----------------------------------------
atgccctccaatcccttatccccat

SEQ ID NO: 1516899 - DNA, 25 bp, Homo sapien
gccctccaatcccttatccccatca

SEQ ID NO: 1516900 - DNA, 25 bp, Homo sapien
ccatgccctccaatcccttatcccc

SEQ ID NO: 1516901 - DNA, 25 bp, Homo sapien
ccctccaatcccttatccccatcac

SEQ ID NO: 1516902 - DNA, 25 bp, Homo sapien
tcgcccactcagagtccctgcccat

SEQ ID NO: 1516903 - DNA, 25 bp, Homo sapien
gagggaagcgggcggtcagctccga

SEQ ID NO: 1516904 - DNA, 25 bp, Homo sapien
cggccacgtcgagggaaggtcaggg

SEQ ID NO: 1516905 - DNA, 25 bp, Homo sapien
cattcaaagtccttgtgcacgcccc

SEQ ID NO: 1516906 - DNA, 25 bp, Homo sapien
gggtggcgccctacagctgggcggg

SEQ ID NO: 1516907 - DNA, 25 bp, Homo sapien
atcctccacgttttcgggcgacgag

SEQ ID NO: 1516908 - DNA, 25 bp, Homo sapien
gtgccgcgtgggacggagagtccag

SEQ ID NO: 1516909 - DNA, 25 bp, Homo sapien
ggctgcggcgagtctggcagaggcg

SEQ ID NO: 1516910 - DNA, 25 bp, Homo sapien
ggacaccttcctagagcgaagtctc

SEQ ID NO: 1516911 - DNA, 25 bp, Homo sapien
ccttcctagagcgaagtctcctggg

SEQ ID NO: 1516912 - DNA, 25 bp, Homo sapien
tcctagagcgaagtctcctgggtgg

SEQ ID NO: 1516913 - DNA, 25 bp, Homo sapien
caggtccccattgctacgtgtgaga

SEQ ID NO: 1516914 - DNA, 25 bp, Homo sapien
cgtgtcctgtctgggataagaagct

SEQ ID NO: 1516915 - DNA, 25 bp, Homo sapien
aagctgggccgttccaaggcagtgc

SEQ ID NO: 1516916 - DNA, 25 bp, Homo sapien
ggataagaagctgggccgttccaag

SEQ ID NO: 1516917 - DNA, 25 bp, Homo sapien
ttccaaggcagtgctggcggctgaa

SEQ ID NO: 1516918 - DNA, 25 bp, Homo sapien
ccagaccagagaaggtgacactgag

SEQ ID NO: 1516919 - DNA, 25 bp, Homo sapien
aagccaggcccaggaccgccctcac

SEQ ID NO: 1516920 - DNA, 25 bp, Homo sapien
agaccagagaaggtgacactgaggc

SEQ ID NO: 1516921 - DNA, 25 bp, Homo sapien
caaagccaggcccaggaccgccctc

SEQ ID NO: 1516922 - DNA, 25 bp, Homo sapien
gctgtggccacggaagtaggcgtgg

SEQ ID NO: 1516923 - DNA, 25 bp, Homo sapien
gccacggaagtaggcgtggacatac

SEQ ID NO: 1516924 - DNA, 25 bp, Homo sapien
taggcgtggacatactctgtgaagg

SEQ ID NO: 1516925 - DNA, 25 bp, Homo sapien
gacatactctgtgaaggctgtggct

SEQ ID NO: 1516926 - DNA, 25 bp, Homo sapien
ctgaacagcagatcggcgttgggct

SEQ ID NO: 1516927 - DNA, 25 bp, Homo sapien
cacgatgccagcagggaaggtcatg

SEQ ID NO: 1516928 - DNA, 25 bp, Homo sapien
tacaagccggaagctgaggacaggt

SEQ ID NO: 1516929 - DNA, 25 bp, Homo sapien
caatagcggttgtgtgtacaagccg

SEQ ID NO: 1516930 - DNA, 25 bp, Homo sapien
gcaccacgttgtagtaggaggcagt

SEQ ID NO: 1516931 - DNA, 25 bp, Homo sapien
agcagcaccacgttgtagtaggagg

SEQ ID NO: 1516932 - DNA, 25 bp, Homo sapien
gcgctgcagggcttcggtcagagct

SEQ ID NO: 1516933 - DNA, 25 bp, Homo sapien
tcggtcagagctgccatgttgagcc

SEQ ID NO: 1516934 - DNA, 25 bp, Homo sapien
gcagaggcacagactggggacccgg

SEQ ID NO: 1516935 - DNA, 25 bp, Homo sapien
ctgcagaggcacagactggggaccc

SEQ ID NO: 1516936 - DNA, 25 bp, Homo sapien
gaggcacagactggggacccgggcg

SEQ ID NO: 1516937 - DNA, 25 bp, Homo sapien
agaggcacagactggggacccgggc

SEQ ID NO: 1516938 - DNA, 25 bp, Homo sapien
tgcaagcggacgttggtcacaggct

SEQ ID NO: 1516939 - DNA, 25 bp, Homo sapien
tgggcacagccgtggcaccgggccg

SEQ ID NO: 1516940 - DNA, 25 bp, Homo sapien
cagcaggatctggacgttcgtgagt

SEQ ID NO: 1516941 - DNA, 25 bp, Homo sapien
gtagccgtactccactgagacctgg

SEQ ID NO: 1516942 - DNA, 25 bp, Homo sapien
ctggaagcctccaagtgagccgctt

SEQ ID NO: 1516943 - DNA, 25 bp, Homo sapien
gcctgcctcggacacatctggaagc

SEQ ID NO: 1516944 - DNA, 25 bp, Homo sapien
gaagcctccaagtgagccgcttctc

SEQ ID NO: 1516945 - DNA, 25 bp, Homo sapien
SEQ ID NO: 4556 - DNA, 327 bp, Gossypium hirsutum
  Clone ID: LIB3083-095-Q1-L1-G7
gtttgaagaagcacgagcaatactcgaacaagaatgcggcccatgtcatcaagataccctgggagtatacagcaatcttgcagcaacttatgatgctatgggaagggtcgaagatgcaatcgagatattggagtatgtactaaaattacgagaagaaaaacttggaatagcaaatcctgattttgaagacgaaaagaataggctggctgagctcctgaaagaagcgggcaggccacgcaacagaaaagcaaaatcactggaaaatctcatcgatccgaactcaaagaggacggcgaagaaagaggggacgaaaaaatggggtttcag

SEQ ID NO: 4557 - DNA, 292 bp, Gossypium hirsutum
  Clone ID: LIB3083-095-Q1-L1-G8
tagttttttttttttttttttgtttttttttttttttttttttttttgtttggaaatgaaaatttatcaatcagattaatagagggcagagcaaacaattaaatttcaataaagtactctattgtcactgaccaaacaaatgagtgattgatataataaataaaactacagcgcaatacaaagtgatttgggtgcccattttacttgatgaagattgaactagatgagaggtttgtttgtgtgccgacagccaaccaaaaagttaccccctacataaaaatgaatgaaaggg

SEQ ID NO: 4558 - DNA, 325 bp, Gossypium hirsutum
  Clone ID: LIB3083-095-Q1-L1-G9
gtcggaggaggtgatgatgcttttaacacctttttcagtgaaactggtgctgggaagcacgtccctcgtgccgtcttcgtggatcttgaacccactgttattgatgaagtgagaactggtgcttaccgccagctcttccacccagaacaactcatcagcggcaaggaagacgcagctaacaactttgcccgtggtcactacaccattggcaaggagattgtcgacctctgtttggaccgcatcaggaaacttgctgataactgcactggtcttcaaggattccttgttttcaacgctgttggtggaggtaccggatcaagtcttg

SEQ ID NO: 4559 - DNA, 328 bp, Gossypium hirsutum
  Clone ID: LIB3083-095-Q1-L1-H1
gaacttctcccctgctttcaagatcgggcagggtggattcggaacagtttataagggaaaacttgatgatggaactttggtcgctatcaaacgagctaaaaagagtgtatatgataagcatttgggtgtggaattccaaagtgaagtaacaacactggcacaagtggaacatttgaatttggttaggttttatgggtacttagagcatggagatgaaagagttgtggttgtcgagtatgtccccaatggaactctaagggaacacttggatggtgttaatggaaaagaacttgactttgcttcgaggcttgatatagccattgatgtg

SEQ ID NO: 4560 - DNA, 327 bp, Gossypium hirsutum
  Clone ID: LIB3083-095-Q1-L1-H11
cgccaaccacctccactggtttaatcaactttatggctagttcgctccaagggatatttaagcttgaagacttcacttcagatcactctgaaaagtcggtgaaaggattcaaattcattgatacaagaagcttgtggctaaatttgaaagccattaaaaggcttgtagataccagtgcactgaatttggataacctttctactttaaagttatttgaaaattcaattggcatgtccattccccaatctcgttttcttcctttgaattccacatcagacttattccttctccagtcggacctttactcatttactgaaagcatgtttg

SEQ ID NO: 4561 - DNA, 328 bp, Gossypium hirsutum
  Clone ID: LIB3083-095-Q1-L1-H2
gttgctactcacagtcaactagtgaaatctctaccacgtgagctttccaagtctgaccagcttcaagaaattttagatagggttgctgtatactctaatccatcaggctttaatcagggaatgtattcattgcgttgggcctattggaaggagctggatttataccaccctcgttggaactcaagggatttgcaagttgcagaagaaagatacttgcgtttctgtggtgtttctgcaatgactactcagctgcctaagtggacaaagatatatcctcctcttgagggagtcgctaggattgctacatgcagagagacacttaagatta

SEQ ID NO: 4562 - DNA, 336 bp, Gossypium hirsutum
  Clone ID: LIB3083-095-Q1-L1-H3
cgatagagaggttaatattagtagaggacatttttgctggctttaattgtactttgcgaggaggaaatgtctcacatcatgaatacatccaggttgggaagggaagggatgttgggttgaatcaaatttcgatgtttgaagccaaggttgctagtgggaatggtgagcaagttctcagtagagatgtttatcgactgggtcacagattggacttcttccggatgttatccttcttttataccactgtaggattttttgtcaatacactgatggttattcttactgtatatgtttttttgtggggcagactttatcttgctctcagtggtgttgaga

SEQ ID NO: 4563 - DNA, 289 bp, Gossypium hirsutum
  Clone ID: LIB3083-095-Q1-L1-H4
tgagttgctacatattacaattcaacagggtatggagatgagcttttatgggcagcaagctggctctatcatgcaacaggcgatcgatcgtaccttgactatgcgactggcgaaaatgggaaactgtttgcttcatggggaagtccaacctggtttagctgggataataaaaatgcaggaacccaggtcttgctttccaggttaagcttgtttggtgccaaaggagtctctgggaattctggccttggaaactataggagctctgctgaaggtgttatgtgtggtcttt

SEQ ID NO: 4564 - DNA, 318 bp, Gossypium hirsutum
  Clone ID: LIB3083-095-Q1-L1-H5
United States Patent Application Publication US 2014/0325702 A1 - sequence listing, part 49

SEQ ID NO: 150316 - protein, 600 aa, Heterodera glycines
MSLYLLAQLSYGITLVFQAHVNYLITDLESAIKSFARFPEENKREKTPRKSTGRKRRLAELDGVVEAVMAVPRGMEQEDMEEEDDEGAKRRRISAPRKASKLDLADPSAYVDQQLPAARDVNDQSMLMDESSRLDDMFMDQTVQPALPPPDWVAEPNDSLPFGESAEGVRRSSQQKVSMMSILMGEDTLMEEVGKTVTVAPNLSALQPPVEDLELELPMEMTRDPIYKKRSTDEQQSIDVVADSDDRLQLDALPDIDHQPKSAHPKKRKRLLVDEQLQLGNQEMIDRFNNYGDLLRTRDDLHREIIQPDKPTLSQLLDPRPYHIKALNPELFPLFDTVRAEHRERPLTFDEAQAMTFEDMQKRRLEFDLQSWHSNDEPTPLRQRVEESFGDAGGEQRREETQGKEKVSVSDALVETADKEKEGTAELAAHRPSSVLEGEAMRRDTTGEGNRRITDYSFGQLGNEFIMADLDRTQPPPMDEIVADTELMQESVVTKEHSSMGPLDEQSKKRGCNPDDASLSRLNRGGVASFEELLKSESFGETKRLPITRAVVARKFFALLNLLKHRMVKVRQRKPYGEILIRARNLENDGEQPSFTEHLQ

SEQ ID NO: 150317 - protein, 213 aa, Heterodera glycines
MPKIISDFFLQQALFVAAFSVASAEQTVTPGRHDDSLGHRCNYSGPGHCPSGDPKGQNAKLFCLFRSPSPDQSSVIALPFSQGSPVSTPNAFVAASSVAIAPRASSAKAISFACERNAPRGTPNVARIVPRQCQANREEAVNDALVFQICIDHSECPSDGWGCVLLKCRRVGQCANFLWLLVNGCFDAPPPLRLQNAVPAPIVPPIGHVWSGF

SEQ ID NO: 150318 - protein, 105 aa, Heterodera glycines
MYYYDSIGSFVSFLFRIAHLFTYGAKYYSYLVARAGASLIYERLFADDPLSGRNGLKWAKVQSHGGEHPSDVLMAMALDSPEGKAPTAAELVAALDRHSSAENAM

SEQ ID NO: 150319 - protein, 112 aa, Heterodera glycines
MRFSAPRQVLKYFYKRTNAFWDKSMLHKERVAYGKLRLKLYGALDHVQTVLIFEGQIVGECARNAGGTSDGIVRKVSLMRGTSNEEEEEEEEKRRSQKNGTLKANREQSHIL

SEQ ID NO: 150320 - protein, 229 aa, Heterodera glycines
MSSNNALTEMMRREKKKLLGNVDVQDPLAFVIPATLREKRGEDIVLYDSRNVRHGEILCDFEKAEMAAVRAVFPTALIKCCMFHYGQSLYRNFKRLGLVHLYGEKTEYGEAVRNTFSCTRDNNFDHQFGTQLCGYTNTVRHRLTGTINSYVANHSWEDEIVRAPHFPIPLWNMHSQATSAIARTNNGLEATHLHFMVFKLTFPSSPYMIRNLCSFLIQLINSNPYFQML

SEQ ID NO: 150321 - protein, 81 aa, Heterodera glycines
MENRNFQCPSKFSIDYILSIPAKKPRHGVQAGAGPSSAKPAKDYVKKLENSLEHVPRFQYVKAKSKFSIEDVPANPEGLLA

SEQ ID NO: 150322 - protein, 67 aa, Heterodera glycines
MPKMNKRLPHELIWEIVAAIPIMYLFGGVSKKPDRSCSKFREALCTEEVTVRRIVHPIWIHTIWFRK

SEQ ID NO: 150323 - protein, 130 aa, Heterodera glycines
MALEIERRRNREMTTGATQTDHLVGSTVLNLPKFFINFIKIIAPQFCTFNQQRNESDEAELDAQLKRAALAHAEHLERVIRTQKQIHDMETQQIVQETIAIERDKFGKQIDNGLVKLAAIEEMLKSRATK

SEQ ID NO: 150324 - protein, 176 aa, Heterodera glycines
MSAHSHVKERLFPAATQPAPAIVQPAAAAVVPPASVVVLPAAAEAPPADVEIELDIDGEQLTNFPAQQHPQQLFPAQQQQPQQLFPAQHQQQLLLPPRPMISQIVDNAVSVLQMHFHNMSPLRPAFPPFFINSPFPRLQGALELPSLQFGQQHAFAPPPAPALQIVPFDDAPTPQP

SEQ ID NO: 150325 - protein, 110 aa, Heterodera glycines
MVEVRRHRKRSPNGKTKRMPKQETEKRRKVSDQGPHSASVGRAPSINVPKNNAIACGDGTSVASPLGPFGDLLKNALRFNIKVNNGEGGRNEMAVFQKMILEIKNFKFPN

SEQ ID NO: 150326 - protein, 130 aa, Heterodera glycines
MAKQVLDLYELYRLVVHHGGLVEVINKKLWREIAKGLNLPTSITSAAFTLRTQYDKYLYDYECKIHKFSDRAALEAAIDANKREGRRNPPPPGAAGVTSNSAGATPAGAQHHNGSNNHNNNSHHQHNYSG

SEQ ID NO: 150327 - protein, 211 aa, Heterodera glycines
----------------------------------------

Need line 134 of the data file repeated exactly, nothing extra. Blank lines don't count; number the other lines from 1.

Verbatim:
SEQ ID NO: 150322 - protein, 67 aa, Heterodera glycines